I think my saving grace during that time (from three to about six years old) was the smaller things that I remember fondly. My mother’s Native American side of the family still kept contact. I remember her getting a laminated letter once and a stuffed rabbit along with it. It was the last letter she was to get from her great aunt who died and her mother did not tell her until four months after the fact. That was the day that she told me about the Cree and her memories with them only after I prodded for answers since she looked so sad. She read me the letters from her great aunt. The rabbit and letters were the only things that I had gotten from extended family of any kind. Through her letters, my distant relative showed much kindness and beauty of character. She had a grace that came across in the letters which made me wish that I had the chance to meet her at least once. I still have the stuffed rabbit.

My mother sat me down and created a quilt with me that was made just for me which I still have as well. My father would buy a bunch of mangoes and we would devour them together after dinner with our hands. He would fall asleep on the floor and I would lay on-top of him resting while listening to his heartbeat. Sometimes he would buy a bunch of crabs from China Town and we would cook them together. Once he took me with him to buy them. These are the things that taught me that there are different facets to humanity. The softer side.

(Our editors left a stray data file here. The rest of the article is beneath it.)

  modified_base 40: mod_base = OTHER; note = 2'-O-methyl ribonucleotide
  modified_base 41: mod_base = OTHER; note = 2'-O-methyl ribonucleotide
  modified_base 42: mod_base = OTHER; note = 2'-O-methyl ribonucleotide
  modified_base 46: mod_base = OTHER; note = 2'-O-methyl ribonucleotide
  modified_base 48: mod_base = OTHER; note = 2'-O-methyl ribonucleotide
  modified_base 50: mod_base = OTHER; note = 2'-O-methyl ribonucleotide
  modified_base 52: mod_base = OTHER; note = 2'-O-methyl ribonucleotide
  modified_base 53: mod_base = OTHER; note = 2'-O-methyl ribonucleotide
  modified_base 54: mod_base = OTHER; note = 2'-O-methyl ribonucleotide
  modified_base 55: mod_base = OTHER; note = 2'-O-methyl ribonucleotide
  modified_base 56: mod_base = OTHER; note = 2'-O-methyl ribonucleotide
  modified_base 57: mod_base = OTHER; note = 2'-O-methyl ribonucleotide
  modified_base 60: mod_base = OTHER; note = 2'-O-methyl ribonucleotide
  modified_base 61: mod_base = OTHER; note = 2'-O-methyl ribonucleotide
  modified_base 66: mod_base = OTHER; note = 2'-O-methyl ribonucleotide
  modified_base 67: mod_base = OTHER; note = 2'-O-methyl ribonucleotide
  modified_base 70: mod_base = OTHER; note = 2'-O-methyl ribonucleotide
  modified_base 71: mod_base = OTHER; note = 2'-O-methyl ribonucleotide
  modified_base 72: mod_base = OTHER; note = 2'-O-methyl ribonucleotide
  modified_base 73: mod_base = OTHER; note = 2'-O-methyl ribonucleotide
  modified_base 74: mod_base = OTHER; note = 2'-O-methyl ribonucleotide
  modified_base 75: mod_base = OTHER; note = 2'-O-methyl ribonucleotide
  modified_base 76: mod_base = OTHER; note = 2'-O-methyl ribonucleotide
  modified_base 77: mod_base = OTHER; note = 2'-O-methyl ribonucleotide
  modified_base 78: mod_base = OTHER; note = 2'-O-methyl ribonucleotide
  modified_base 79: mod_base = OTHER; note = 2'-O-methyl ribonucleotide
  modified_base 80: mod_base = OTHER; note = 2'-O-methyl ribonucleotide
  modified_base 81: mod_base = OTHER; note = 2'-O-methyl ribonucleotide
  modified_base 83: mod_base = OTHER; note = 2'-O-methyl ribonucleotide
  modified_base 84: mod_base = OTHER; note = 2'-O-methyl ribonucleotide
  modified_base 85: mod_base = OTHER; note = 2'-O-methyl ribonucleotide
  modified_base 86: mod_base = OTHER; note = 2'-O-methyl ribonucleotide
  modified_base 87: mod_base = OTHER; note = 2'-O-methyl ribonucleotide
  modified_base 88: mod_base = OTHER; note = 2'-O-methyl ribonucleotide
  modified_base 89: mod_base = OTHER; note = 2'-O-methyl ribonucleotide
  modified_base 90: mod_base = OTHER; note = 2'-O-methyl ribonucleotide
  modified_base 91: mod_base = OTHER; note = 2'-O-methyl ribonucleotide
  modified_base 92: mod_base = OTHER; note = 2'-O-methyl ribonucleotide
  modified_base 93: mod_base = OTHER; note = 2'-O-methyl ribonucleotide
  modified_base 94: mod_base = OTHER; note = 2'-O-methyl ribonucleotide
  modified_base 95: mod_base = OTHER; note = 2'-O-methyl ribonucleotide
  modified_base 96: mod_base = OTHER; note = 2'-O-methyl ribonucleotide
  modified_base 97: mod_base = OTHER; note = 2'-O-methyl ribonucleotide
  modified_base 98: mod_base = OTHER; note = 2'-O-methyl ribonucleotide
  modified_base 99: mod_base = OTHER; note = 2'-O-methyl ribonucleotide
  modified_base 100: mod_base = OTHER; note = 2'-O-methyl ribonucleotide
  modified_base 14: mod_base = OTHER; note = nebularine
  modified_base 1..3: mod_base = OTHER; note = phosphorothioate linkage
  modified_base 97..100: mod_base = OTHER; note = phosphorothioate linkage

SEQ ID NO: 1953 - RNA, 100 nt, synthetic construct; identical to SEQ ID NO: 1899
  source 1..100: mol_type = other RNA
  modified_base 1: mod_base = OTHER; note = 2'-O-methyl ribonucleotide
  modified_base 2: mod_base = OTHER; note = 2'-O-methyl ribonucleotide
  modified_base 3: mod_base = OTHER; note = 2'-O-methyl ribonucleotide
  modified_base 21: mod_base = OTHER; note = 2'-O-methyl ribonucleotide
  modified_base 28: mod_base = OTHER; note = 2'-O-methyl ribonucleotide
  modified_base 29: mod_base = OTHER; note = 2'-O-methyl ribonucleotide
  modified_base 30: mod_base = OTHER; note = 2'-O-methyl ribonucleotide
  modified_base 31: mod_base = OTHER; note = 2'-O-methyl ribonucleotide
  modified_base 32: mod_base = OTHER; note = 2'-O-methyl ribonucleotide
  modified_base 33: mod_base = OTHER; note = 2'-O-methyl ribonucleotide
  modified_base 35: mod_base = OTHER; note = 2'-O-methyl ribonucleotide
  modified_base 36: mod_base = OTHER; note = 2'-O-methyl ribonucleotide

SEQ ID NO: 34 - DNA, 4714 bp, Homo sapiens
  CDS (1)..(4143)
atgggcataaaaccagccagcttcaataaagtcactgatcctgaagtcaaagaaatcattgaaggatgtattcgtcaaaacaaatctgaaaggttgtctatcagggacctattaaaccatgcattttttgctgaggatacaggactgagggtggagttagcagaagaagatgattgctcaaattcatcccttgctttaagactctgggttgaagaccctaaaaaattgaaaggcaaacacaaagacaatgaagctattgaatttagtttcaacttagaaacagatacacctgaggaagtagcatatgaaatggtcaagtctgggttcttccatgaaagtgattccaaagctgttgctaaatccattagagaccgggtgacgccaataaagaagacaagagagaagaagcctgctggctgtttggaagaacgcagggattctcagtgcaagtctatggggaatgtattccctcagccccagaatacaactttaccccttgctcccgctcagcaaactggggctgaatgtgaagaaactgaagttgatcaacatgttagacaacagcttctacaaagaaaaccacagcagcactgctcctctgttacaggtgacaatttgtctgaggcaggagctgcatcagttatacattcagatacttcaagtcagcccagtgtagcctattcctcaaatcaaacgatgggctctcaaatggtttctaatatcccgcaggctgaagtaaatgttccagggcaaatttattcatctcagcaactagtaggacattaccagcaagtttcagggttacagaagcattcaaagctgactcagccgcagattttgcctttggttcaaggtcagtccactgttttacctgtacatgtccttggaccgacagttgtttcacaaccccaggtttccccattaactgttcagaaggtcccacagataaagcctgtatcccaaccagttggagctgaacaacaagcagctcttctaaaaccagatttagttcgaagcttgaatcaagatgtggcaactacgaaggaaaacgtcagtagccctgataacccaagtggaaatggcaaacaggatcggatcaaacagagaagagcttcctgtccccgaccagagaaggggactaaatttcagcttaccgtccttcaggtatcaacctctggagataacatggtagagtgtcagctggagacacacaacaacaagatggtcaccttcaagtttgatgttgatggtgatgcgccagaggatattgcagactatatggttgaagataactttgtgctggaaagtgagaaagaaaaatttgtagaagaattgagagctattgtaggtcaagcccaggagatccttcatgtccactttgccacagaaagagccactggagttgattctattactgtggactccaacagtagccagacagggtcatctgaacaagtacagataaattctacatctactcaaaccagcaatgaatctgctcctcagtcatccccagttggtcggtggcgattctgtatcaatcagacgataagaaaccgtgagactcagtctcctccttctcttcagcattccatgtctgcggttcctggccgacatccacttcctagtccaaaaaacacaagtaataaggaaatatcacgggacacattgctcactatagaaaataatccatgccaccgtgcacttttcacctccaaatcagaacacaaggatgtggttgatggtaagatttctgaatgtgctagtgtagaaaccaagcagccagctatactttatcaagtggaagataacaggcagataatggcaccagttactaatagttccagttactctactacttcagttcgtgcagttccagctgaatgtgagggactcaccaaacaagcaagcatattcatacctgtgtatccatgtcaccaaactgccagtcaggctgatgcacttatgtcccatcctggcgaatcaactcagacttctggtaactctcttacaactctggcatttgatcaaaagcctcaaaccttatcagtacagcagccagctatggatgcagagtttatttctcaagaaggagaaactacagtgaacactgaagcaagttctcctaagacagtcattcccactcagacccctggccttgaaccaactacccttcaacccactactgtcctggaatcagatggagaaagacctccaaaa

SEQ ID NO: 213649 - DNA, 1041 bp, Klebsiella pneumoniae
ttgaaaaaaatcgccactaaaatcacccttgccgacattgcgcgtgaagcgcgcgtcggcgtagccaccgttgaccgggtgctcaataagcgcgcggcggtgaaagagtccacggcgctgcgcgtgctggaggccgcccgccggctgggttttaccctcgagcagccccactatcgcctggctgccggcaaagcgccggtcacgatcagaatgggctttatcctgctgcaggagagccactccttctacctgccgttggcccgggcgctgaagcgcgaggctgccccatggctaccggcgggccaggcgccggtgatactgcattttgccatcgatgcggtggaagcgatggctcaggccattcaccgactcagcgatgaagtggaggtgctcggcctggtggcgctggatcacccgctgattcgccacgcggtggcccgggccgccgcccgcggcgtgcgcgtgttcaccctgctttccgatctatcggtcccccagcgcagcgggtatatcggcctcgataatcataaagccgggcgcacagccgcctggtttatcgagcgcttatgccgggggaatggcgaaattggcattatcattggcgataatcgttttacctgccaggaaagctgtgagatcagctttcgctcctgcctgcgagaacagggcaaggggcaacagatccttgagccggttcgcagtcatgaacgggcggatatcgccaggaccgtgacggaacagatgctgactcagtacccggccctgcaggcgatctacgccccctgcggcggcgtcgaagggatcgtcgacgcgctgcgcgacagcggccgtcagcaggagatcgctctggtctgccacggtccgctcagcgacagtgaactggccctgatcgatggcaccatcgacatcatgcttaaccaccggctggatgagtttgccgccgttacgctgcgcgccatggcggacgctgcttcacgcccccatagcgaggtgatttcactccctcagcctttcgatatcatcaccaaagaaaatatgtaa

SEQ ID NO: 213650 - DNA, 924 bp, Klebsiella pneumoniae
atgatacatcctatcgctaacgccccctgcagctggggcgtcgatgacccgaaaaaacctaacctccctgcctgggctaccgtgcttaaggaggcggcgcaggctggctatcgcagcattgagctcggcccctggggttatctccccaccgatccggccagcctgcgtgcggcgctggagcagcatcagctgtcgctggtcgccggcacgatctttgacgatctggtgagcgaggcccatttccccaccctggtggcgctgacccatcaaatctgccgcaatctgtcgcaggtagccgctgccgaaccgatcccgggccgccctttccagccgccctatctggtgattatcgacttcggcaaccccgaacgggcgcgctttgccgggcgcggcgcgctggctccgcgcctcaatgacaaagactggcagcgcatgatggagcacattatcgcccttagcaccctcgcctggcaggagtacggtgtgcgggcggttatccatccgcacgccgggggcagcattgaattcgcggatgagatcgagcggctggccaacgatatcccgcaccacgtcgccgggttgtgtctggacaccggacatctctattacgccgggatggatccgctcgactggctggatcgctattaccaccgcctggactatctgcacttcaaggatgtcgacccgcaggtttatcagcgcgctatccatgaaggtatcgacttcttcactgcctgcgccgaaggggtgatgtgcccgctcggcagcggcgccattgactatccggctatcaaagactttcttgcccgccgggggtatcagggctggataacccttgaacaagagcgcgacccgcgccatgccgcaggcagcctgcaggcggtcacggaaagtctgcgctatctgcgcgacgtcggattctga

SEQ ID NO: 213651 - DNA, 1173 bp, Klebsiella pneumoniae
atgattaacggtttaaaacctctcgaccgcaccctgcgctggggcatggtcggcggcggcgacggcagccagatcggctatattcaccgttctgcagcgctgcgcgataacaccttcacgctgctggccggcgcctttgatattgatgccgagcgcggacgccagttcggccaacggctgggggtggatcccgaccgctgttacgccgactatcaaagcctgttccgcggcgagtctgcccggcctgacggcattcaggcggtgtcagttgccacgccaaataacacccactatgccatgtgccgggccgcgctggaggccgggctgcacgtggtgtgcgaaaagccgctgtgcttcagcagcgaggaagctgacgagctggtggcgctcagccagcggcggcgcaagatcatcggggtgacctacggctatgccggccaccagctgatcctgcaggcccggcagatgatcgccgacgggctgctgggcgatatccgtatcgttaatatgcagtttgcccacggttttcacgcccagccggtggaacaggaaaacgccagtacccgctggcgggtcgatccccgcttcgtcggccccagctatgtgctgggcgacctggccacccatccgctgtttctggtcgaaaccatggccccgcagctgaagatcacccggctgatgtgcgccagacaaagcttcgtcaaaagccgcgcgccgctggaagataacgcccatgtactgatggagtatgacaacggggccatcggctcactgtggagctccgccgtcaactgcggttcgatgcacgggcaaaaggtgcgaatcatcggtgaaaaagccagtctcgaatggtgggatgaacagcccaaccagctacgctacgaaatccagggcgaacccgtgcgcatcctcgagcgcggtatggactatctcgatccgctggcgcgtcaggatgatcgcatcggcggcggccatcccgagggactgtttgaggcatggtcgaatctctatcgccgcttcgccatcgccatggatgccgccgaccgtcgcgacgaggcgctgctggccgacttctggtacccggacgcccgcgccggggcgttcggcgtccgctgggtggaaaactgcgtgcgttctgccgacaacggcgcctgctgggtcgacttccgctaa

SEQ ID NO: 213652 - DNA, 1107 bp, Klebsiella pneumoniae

These are the roots. More at a later date.

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Part 36

Wednesday, February 19th, 2014

The routine in our house was usually that after my father would come back from dawn prayer the mosque, he would be sitting in the kitchen reading the Quran. We would wake up and be asked to turn on a recitation tape or CD and then make wadooh, ritual washing of the body, before praying morning prayer. Only after we do these things are we allowed to sit down and eat breakfast. If my mother was not up, then he would wake her, but on rare occasions he would make and serve us breakfast. Any deviation from that routine usually resulted in a long lecture about our duty to our creator. How we don’t forget to eat or go to the bathroom, but forget about the one that created us. My mother would be cranky in the morning when he would push her to do her prayers and make breakfast a lot. She could not start a day right without a cup of coffee. Light and sweet with milk and never cream. She would have several cups during the course of the day too. It was a bit of an addiction for her.